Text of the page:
A set of eight chairs from this group with carving attributed to John Welch (1711-1789) was originally owned by Charles (1698-1758) and Grizzell (Eastwick) (1709-1796) Apthorp of Boston. The chairs have pierced shells on the crest and flat stretchers. Two were sold in these rooms on January 31, 1993, sale 6392, lots 1279 and 1280. One is now in a private collection and the other in the collection of the Chipstone Foundation. Four others were sold in these rooms, Highly Important Americana from the Stanley Paul Sax Collection, January 16-17, 1998, sale 7087, lots 265, 266, 513 and 514. Of the two remaining chairs, one is in the collection of the Metropolitan Museum of Art and the other is in a private collection. Another set of six side chairs in a private collection with pierced crests but without stretchers descended in the Pickman family of Boston. An additional example with carving on the crest is illustrated in Bernard & S. Dean Levy, Opulence and Splendor: The New York Chair, 1690-1830, New York, 1984, p. 5.
The above chairs and the present chair share the following characteristics: distinctive small-webbed claw-and-ball feet, shell-carved frontal cabriole legs with prominent rounded returns, squared rear feet, balloon-shaped seats, distinctive backs with bow-shaped splat shoes, veneered walnut and maple splats and shell-carved crests. In addition, many of the chairs retain their original Eastern New England-type triangular white pine glue blocks.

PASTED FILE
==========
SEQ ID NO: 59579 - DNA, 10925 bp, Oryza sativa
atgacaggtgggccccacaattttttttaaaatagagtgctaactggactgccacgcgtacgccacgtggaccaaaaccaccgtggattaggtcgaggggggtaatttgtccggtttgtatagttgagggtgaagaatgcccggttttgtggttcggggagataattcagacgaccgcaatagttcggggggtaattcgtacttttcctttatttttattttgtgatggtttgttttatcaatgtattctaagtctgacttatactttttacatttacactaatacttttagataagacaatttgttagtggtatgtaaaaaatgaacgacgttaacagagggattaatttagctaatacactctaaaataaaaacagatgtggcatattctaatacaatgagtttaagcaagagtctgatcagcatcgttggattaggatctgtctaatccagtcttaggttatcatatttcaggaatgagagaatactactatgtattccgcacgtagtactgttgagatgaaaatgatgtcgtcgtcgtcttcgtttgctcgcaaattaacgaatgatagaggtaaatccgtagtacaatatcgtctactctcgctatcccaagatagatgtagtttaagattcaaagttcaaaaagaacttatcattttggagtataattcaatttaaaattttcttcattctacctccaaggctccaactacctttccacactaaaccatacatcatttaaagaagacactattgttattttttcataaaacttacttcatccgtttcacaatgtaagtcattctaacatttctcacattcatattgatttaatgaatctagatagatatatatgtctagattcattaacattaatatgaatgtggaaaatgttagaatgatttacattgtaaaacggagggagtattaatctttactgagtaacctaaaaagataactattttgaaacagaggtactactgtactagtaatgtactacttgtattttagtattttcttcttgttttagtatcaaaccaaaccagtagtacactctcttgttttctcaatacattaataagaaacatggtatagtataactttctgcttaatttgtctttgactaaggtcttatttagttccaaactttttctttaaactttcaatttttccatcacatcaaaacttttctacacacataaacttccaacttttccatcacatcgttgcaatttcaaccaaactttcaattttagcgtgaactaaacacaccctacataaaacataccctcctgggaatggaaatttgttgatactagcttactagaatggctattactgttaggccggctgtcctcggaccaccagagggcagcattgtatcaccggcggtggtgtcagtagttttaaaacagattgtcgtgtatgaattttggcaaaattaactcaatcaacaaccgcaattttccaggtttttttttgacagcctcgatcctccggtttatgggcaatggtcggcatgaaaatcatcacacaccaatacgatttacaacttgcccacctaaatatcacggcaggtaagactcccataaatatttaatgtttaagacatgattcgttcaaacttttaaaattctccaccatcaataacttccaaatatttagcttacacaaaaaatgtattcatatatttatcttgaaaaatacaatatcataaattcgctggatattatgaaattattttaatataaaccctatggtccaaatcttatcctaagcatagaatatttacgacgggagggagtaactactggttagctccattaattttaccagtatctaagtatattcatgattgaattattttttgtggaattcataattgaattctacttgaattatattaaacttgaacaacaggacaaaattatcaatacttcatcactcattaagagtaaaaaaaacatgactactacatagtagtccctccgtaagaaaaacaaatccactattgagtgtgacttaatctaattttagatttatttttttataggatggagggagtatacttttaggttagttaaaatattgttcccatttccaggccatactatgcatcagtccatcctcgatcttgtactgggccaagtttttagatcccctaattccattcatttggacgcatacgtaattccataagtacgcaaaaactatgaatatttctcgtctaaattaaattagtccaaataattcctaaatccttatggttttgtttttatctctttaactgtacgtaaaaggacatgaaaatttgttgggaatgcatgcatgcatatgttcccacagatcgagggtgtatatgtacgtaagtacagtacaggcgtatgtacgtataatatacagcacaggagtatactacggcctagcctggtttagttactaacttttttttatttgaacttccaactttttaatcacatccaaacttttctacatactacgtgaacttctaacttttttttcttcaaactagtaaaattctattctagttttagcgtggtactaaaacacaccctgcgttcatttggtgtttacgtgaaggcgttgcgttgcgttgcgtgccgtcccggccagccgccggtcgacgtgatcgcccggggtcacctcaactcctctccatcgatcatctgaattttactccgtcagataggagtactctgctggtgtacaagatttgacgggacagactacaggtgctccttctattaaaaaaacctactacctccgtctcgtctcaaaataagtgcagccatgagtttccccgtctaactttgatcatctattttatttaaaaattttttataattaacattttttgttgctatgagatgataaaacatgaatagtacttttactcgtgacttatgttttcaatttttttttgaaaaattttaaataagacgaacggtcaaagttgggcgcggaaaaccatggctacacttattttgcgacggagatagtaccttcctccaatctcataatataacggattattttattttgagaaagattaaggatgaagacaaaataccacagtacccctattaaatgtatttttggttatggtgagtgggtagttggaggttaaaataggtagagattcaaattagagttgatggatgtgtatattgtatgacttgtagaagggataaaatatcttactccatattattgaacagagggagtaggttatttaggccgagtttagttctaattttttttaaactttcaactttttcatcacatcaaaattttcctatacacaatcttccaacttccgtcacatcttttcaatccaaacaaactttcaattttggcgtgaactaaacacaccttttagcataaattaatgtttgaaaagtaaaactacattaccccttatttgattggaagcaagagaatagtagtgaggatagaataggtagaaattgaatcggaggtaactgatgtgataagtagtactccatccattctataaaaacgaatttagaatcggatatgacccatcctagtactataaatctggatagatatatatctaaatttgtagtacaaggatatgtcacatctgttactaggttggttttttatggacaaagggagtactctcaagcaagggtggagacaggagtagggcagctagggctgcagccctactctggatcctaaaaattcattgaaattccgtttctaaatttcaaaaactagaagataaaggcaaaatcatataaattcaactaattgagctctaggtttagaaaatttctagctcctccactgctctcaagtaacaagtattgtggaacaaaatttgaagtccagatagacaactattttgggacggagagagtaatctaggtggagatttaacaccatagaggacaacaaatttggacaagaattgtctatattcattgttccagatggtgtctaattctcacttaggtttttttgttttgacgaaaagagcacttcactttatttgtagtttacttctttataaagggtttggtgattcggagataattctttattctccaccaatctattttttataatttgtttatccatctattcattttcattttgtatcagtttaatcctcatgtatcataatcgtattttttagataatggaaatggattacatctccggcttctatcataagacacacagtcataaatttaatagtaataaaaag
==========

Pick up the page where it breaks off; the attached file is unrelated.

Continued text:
The carving on this side chair is attributed to the Boston carver, John Welch (1711-1789), who was born in Boston in 1711 and may have apprenticed to the Boston carver George Robinson (1680-1737) before beginning work as a journeyman by 1732.2 By 1733, he was in business at a shop on the Boston wharf executing ship and furniture carving in addition to architectural carving for the courthouse (the present Massachusetts State House) when it was rebuilt after a fire in December of 1747. He collaborated with John Singleton Copley during the 1770s and of the thirty-two extant Rococo style frames on Copley portraits, twenty-five can be documented or attributed to Welch. He continued to work after the Revolution and served as a Captain in the Ancient and Honorable Artillery and a pew holder at King’s Chapel. He owned a house on Green Lane, near Paul Revere's house, which was large enough to quarter fourteen British soldiers after the French and Indian War. He died in Boston on February 9, 1789 and was buried in the church cemetery, leaving an estate valued at 58 pounds 9 shillings.3 The claw feet are typical of those produced by Welch during the 1740s and early 1750s. Similar feet are found on a card table with carving attributed to Welch that descended in the Dalton family of Boston.4
1 The Seidlitz chair was formerly attributed to New York and as such illustrated in the catalogue for the exhibition Opulence and Splendor: The New York Chair, 1690-1830, Bernard & S. Dean Levy, Inc., New York, 1984, p. 4.
2 Luke Beckerdite, “Carving Practices in Eighteenth-Century Boston,” in Old-Time New England: New England Furniture, 1987, p. 142.
3 Beckerdite, p. 159.
4 See Leigh Keno, Joan Barzilay Freund, and Alan Miller, “The Very Pink of the Mode: Boston Georgian Chairs, Their Export, and Their Influence,” American Furniture, 1996, figs. 11-2, p. 276.
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